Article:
In the latest attacks in the UK, the connections are astonishing, even given the similar facts that have emerged in previous terrorist actions. One of the attackers in the London Bridge killings, Yousseff Zaghba, was stopped at an Italian airport while attempting to travel to Syria, freely admitting that he “wanted to be a terrorist” and carrying ISIS literature. Another was featured in a British television documentary that chronicled his confrontation with and detention by police after he unfurled an ISIS flag in Regent’s Park.

The Manchester suicide bomber, Salman Abedi, was likewise well known to British authorities. His parents were members of the Libyan Islamic Fighting Group (LIFG), who were allowed to return to Libya in 2011 to participate in the US-NATO regime-change operation against Muammar Gaddafi. He himself met with Libyan Islamic State operatives in Libya, veterans of the Syrian civil war, and maintained close connections with them while in Manchester.

What has become clear after 16 years of the so-called “war on terrorism”—going all the way back to the hijackers of 9/11—is that these elements move in and out of the Middle East, Europe and the US itself not only without hindrance, but under what amounts to state protection.

When they arrive at passport control, their names come up with definite instructions that they are not to be stopped. “Welcome home, sir, enjoy your vacation in Libya?” “Bit of tourism in Syria?”

Why have they enjoyed this carte blanche? Because they are auxiliaries of US and European intelligence, necessary proxies in wars for regime change from Libya to Syria and beyond that are being waged to further imperialist interests.

If from time to time these elements turn against their sponsors, with innocent civilians paying with their lives, that is part of the price of doing business.

In the aftermath of terrorist actions, governments respond with stepped-up measures of repression and surveillance. Troops are deployed in the streets, democratic rights are suspended, and, as in France, a state of emergency is made the overriding law of the land. All of these measures are useless in terms of preventing future attacks, but serve very well to control the domestic population and suppress social unrest.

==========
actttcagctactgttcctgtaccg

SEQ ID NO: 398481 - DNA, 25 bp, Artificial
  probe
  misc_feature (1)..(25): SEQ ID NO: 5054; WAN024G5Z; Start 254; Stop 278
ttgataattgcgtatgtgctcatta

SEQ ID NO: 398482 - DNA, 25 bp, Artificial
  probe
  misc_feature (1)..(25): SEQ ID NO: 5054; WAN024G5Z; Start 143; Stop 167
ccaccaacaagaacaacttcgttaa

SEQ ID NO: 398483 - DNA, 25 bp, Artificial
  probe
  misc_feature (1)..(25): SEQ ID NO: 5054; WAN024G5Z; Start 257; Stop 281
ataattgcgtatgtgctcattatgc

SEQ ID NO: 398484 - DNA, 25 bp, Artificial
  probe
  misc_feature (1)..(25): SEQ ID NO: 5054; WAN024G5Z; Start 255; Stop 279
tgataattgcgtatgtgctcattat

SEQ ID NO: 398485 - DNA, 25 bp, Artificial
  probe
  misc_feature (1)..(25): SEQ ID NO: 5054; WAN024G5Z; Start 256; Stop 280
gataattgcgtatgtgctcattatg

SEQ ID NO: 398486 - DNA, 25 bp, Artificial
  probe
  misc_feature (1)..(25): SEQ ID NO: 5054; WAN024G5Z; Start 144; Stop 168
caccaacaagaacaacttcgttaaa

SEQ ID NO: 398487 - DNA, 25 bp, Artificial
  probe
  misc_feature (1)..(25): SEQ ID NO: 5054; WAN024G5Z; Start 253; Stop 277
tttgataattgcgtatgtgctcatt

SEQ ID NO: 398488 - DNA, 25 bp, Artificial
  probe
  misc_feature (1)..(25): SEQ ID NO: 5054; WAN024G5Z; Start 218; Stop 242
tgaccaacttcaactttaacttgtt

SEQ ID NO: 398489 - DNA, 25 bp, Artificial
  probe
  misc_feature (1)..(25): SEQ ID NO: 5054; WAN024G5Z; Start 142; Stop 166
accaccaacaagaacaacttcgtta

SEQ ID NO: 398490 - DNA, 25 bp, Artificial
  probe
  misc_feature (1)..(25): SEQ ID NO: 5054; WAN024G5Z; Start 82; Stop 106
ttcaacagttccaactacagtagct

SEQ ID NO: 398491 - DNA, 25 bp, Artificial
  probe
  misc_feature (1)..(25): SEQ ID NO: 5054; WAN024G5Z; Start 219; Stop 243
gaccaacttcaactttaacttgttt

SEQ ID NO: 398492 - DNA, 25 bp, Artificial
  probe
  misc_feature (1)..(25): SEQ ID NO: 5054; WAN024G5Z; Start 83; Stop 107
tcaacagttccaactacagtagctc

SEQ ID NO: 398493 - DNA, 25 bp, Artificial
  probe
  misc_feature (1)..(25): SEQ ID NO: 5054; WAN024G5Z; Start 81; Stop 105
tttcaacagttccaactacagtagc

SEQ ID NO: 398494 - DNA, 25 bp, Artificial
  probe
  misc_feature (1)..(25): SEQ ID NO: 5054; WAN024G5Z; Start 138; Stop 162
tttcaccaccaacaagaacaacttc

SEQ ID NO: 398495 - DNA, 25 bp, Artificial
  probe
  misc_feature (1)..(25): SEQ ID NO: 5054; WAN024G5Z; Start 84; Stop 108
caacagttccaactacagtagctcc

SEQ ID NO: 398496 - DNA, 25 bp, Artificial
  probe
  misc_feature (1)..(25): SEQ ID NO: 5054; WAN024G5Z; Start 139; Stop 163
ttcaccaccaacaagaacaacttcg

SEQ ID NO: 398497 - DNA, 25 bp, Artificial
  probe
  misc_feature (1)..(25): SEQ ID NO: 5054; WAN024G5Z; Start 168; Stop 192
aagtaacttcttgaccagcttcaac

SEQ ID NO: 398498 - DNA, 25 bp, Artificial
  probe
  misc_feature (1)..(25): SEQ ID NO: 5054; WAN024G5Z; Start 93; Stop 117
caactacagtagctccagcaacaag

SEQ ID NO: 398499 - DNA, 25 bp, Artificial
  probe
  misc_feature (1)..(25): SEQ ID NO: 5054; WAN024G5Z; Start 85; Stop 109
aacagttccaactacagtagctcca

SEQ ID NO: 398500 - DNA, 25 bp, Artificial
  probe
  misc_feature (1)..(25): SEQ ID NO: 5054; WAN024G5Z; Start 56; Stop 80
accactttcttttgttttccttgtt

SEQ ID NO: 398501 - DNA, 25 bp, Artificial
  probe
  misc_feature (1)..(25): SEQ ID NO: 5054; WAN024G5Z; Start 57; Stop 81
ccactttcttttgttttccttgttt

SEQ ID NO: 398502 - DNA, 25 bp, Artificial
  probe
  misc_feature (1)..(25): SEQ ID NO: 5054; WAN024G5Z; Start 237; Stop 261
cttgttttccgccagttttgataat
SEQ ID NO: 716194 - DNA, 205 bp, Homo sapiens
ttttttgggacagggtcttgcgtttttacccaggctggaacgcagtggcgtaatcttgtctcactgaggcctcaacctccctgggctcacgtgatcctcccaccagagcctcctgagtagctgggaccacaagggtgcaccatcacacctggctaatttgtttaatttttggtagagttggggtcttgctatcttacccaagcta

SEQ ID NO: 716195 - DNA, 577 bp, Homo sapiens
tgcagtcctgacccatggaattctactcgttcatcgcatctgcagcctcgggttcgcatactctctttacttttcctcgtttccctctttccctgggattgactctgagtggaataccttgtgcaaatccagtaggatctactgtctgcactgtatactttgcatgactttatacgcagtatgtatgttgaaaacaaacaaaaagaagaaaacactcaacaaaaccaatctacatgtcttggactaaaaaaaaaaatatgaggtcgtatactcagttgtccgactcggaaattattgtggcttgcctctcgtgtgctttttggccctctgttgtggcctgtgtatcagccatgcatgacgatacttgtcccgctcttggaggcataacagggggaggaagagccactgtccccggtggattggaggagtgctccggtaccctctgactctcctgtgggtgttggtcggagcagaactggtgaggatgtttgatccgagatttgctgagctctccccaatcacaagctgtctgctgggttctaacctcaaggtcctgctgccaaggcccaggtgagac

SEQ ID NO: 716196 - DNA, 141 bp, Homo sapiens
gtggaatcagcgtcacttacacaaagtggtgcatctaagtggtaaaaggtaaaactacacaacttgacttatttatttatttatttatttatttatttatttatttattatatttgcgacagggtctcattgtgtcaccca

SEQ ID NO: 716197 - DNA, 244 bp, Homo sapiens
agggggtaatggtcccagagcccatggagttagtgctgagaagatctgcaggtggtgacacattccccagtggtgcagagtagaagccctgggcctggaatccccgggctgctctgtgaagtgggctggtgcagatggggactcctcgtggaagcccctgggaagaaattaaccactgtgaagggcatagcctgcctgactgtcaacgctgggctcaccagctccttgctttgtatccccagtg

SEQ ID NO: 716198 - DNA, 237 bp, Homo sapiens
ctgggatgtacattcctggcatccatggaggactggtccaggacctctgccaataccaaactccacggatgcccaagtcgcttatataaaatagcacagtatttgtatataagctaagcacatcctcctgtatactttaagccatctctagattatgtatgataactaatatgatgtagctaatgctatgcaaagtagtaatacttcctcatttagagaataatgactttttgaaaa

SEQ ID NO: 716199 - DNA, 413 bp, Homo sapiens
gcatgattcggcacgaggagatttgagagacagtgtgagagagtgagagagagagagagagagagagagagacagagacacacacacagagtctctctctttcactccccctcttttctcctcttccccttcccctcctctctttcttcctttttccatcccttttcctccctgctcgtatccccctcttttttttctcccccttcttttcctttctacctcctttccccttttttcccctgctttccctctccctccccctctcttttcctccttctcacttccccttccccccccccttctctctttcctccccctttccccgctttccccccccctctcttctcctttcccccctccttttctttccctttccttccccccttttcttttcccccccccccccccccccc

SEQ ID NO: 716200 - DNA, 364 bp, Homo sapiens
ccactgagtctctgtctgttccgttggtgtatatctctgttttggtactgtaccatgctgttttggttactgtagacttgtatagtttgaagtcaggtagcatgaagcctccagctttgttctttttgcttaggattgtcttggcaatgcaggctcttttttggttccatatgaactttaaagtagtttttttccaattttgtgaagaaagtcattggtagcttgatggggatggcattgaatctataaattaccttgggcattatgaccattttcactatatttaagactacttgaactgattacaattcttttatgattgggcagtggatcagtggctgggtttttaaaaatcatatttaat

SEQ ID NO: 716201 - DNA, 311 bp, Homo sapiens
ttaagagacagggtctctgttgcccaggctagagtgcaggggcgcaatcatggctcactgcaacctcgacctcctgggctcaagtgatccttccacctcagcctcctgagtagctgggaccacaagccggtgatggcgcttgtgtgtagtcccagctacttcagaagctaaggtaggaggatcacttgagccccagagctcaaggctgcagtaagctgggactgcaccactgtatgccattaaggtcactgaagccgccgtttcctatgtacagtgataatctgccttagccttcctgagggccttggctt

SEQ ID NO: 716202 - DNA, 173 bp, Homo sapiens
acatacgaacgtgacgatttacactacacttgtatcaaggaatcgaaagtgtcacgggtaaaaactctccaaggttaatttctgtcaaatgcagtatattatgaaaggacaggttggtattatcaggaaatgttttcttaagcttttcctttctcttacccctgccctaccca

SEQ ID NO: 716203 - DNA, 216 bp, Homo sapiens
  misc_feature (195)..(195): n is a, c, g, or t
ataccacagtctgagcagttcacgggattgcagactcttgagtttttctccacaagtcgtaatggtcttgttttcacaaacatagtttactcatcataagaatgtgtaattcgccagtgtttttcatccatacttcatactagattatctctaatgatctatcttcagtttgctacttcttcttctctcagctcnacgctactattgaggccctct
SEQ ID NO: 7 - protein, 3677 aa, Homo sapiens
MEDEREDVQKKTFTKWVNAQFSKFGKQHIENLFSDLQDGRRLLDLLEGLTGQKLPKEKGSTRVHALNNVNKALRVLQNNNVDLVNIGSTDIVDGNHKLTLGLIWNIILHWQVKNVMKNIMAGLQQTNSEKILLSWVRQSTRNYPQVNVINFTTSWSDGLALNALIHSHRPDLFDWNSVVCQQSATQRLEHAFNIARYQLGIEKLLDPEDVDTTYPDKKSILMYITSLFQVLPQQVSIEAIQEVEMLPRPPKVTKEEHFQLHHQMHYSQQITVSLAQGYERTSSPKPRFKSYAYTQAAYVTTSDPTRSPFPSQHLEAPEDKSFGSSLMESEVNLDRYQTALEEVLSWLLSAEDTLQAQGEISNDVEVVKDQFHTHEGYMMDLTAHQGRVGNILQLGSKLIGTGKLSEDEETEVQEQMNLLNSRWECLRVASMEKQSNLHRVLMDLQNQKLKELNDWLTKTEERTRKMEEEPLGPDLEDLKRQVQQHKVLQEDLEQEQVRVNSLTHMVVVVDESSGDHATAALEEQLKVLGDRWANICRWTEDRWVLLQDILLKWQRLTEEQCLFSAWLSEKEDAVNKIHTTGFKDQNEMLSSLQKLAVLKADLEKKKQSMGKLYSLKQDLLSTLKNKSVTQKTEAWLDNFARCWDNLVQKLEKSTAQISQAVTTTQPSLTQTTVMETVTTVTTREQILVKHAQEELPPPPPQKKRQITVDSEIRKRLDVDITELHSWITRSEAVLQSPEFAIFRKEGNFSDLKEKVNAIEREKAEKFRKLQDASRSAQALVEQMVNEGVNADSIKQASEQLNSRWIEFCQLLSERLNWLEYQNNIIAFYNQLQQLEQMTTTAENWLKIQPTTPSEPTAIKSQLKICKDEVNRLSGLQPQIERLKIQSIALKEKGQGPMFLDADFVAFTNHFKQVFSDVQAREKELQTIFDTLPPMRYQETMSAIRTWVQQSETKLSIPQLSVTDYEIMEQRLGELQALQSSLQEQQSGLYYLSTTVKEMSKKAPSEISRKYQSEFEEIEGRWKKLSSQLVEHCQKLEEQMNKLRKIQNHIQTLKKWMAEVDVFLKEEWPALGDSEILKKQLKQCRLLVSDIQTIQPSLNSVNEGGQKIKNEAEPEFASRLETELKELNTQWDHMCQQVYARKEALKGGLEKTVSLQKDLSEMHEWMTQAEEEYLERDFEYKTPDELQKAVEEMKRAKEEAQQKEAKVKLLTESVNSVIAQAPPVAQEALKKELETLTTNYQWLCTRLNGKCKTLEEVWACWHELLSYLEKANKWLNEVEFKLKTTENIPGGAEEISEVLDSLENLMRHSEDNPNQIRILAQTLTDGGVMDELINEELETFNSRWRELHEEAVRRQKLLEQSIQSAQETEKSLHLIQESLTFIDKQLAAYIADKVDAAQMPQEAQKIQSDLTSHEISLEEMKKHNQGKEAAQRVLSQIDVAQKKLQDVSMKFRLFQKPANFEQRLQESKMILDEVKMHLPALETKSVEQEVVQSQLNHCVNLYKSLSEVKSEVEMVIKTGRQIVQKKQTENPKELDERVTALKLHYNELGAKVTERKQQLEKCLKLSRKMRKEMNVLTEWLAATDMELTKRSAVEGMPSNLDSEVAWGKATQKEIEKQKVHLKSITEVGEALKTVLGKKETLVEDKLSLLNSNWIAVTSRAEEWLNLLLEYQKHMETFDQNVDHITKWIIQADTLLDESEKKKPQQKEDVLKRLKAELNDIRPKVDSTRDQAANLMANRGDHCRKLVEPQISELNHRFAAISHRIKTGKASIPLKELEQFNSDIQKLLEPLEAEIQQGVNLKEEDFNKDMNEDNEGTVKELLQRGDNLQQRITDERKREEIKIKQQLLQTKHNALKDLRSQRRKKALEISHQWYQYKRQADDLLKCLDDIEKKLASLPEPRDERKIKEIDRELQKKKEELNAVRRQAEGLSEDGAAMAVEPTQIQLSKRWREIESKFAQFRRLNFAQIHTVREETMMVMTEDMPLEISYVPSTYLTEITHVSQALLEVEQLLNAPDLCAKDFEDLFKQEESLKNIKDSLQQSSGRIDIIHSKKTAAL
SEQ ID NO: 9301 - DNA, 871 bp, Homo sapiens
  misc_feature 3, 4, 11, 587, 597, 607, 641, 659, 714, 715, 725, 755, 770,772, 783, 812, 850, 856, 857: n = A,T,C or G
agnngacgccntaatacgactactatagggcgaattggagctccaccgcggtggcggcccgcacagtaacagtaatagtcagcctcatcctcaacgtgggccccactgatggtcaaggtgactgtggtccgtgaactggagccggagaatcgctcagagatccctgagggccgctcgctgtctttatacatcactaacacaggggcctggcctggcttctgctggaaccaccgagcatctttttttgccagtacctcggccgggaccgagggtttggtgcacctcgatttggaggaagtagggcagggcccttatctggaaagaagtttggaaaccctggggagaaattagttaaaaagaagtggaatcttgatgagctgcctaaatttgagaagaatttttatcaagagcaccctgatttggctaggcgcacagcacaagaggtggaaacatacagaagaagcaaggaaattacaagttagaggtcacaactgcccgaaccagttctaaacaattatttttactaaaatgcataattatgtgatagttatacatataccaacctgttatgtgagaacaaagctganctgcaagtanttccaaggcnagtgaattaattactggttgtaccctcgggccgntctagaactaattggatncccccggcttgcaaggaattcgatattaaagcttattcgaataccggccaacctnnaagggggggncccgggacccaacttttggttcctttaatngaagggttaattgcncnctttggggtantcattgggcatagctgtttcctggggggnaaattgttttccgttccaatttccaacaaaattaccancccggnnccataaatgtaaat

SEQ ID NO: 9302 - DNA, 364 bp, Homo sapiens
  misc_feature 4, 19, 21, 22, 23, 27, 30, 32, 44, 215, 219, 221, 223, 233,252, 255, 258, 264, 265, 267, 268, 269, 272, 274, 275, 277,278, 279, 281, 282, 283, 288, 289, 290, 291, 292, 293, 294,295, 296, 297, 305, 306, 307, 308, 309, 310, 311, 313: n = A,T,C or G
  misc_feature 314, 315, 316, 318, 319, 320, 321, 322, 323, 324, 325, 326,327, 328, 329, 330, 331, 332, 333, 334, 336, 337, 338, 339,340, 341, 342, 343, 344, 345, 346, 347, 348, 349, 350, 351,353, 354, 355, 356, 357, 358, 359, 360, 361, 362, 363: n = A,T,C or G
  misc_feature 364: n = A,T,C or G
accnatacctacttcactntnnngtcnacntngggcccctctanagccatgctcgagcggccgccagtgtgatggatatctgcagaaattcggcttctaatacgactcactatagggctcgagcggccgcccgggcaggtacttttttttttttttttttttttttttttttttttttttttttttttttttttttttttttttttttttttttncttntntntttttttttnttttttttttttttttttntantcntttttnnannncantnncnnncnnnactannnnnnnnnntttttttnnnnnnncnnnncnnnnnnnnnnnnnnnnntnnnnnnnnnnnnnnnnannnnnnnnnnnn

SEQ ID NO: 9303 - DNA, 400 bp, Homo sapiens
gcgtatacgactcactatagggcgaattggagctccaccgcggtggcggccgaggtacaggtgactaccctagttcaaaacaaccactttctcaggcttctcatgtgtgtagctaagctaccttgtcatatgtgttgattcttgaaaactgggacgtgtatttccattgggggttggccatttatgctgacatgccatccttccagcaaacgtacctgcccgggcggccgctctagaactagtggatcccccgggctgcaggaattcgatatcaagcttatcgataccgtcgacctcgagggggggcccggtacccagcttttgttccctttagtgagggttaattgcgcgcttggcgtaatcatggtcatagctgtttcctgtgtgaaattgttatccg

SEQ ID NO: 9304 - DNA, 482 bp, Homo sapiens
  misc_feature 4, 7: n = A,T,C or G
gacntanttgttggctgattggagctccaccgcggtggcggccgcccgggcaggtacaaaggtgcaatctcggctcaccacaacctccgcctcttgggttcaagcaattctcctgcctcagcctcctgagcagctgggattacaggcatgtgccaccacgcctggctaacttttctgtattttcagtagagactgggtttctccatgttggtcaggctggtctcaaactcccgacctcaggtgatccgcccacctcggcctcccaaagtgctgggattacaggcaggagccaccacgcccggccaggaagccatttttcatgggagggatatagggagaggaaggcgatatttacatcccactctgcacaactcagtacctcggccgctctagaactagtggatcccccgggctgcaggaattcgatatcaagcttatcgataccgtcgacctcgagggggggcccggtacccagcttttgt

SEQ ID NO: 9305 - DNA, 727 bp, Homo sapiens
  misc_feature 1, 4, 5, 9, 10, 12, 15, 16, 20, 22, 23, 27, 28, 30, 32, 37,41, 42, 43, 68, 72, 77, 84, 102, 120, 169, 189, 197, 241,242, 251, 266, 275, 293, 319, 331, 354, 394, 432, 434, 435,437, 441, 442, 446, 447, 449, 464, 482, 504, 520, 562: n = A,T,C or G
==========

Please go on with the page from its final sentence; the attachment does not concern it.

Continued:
If the mass media refuses to state what has become obvious after more than a decade and a half of these incidents, it is a measure of how fully the linkage between terrorism, the Western intelligence agencies and the unending wars in the Middle East has become institutionalized.

Innocent men, women and children, whether in London, Manchester, Paris, Tehran, Baghdad or Kabul, are paying the terrible price for these imperialist operations, which leave a trail of blood and destruction everywhere.

Putting a stop to terrorist attacks begins with a fight to put an end to the so-called “war on terrorism,” the fraudulent pretext for predatory wars in which Al Qaeda and its offshoots are employed as proxy ground forces, operating in intimate collaboration with imperialist intelligence services and military commands.

This article was first published by WSWS

Copyright © 1998-2017 World Socialist Web Site – All rights reserved

The views expressed in this article are solely those of the author and do not necessarily reflect the opinions of Information Clearing House.


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The Complete History of Nasser, the Icon of Arabism [English Subtitles]

A must see to understand why Syria and its LION are WANTED

 

“WHICH SIDE ARE YOU ON? THE WESTERN LEFT’S OBSESSION WITH EMPIRE”–DANNY HAIPHONG

In Gaza

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(Meme by Eva Bartlett.

“From 50:24 in this video, Ambassador al-Ja’afari: “…too many ambassadors of the United Nations, they come to me and they say, “You know, Bashar, you are right. Your government is right. We know the truth, but we cannot say it. You can God bless you but we cannot say it.” )